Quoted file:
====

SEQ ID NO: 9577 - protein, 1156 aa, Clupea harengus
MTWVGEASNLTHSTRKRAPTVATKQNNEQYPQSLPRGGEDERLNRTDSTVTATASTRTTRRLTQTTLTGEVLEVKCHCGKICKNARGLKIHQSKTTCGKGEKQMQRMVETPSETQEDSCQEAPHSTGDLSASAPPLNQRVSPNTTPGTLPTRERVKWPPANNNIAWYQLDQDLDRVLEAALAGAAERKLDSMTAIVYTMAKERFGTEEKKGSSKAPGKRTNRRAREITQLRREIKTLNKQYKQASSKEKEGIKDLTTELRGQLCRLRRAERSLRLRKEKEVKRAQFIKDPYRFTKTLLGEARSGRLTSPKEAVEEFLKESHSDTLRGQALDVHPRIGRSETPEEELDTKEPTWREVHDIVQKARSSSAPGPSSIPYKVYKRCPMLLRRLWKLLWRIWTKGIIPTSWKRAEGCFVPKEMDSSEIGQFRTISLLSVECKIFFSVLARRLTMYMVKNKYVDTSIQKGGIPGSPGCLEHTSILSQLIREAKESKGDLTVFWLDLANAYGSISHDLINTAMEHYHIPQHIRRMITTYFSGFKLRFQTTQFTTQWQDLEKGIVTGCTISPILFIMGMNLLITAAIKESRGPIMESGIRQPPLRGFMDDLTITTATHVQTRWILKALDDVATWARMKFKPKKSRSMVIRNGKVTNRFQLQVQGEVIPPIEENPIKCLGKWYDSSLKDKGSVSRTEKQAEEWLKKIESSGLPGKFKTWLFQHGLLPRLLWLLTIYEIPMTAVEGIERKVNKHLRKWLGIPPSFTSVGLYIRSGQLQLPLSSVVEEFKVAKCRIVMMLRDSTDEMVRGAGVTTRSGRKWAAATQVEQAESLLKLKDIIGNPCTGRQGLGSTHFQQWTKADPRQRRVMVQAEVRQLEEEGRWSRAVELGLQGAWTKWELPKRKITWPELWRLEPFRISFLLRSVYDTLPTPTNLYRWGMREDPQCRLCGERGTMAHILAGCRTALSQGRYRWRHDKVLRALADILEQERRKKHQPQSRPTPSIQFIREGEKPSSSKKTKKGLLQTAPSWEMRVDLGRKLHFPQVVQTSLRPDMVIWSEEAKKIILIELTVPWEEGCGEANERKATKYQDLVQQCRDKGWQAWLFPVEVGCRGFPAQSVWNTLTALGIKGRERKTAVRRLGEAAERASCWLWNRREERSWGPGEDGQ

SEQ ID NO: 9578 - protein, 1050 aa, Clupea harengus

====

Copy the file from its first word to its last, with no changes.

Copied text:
SEQ ID NO: 9577 - protein, 1156 aa, Clupea harengus
MTWVGEASNLTHSTRKRAPTVATKQNNEQYPQSLPRGGEDERLNRTDSTVTATASTRTTRRLTQTTLTGEVLEVKCHCGKICKNARGLKIHQSKTTCGKGEKQMQRMVETPSETQEDSCQEAPHSTGDLSASAPPLNQRVSPNTTPGTLPTRERVKWPPANNNIAWYQLDQDLDRVLEAALAGAAERKLDSMTAIVYTMAKERFGTEEKKGSSKAPGKRTNRRAREITQLRREIKTLNKQYKQASSKEKEGIKDLTTELRGQLCRLRRAERSLRLRKEKEVKRAQFIKDPYRFTKTLLGEARSGRLTSPKEAVEEFLKESHSDTLRGQALDVHPRIGRSETPEEELDTKEPTWREVHDIVQKARSSSAPGPSSIPYKVYKRCPMLLRRLWKLLWRIWTKGIIPTSWKRAEGCFVPKEMDSSEIGQFRTISLLSVECKIFFSVLARRLTMYMVKNKYVDTSIQKGGIPGSPGCLEHTSILSQLIREAKESKGDLTVFWLDLANAYGSISHDLINTAMEHYHIPQHIRRMITTYFSGFKLRFQTTQFTTQWQDLEKGIVTGCTISPILFIMGMNLLITAAIKESRGPIMESGIRQPPLRGFMDDLTITTATHVQTRWILKALDDVATWARMKFKPKKSRSMVIRNGKVTNRFQLQVQGEVIPPIEENPIKCLGKWYDSSLKDKGSVSRTEKQAEEWLKKIESSGLPGKFKTWLFQHGLLPRLLWLLTIYEIPMTAVEGIERKVNKHLRKWLGIPPSFTSVGLYIRSGQLQLPLSSVVEEFKVAKCRIVMMLRDSTDEMVRGAGVTTRSGRKWAAATQVEQAESLLKLKDIIGNPCTGRQGLGSTHFQQWTKADPRQRRVMVQAEVRQLEEEGRWSRAVELGLQGAWTKWELPKRKITWPELWRLEPFRISFLLRSVYDTLPTPTNLYRWGMREDPQCRLCGERGTMAHILAGCRTALSQGRYRWRHDKVLRALADILEQERRKKHQPQSRPTPSIQFIREGEKPSSSKKTKKGLLQTAPSWEMRVDLGRKLHFPQVVQTSLRPDMVIWSEEAKKIILIELTVPWEEGCGEANERKATKYQDLVQQCRDKGWQAWLFPVEVGCRGFPAQSVWNTLTALGIKGRERKTAVRRLGEAAERASCWLWNRREERSWGPGEDGQ

SEQ ID NO: 9578 - protein, 1050 aa, Clupea harengus